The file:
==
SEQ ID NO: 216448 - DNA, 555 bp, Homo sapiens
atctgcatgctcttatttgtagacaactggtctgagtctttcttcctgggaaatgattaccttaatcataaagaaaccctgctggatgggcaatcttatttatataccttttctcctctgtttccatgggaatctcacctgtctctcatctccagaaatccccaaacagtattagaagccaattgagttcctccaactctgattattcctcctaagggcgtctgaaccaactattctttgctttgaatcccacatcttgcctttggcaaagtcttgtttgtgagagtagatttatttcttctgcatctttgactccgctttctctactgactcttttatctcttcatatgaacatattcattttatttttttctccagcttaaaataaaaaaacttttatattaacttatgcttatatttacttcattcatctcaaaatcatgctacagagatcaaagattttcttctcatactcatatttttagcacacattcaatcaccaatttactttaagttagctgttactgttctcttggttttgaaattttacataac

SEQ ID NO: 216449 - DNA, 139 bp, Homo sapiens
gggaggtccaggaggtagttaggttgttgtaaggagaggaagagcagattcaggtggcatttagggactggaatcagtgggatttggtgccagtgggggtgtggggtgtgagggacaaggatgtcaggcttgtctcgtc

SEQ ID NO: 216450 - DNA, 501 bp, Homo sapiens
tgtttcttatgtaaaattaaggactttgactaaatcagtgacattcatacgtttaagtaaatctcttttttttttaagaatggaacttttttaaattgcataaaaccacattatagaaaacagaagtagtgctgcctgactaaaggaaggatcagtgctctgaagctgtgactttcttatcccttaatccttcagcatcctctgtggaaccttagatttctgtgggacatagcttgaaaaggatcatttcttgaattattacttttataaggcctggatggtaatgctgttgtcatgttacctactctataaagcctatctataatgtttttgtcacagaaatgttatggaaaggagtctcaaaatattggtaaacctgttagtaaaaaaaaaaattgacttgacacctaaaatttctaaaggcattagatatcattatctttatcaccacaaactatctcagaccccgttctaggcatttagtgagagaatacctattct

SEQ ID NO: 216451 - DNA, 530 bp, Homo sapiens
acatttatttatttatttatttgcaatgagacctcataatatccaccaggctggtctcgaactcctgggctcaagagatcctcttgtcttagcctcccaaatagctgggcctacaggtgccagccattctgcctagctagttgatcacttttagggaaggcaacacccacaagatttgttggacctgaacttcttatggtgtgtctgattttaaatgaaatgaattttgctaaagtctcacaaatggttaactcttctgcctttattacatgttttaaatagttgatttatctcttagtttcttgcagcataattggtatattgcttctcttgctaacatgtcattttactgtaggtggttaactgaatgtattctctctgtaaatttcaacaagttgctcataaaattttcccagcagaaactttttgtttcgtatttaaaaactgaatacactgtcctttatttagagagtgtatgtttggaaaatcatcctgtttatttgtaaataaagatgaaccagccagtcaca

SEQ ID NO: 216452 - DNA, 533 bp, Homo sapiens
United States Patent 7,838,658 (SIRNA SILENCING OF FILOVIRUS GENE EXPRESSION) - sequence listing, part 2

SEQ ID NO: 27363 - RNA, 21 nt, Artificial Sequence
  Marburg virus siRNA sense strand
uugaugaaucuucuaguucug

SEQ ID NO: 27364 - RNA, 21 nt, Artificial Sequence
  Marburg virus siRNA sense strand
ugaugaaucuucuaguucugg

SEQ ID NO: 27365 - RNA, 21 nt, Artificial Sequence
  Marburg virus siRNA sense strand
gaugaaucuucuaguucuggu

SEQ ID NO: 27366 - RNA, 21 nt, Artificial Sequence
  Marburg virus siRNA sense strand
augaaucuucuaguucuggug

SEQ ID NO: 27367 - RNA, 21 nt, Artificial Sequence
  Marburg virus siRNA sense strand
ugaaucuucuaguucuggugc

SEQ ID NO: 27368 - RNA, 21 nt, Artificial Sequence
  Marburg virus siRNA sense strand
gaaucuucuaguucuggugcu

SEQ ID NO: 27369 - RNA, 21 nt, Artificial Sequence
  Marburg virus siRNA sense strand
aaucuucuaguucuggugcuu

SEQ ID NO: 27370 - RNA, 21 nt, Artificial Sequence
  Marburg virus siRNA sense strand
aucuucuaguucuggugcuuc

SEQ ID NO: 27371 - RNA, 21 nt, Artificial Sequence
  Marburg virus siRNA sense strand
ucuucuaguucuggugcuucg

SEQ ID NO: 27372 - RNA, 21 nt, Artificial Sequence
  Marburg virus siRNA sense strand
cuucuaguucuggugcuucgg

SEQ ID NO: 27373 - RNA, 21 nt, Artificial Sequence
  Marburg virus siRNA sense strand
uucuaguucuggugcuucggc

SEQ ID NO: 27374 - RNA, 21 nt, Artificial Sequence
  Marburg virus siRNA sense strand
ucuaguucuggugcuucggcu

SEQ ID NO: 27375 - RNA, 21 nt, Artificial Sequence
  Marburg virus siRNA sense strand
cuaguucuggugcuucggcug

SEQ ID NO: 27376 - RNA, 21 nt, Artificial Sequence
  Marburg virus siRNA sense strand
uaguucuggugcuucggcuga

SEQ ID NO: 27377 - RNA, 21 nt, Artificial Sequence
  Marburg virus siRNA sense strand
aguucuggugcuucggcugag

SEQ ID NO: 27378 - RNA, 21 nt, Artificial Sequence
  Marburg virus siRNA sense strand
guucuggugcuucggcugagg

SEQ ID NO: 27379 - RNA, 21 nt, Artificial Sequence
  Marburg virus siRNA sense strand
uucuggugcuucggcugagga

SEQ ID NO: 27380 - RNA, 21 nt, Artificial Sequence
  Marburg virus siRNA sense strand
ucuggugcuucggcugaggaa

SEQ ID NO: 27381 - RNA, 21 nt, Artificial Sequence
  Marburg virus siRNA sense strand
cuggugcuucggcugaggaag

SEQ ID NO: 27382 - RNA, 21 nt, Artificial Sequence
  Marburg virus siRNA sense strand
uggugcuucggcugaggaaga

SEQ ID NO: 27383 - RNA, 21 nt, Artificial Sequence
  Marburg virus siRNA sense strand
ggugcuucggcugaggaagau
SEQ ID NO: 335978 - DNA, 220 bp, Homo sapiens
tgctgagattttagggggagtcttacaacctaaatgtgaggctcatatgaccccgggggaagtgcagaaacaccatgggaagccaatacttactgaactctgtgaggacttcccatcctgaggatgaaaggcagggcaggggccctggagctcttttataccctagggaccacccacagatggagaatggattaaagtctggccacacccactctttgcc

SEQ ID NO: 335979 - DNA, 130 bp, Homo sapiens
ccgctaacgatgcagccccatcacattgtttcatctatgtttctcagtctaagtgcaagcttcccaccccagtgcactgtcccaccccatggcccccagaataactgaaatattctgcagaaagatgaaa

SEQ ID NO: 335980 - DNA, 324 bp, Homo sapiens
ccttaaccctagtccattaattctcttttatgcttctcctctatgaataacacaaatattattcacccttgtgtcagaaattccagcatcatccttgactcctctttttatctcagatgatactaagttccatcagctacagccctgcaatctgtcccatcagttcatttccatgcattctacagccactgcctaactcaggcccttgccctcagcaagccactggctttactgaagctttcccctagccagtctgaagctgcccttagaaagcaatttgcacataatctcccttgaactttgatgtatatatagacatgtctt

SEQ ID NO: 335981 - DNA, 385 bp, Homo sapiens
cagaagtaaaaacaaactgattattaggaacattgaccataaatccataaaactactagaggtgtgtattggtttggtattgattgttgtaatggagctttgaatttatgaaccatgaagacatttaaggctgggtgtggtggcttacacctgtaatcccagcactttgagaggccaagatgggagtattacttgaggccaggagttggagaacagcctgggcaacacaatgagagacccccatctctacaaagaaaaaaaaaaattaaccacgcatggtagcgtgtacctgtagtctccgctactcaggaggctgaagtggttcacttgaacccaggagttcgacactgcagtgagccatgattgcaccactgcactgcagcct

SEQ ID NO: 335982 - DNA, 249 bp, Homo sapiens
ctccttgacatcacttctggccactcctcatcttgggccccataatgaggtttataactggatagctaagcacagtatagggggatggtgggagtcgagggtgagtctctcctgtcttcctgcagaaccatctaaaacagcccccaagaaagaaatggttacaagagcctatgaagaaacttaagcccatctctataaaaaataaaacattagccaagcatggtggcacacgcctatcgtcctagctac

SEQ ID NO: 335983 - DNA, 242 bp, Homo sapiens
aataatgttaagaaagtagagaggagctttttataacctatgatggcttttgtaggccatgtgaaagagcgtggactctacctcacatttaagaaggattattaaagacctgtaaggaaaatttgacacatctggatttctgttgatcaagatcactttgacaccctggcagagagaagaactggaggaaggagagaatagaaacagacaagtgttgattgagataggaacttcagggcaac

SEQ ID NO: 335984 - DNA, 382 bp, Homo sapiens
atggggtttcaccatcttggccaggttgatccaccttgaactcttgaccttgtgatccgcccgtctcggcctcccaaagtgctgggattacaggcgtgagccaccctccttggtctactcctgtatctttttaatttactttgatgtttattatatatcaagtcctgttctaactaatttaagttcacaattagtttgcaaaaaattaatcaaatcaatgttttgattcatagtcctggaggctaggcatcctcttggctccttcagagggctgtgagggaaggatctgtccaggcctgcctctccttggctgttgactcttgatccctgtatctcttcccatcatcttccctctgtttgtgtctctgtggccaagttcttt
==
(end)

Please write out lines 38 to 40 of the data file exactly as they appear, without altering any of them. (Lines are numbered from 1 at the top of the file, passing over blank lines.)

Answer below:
SEQ ID NO: 27372 - RNA, 21 nt, Artificial Sequence
  Marburg virus siRNA sense strand
cuucuaguucuggugcuucgg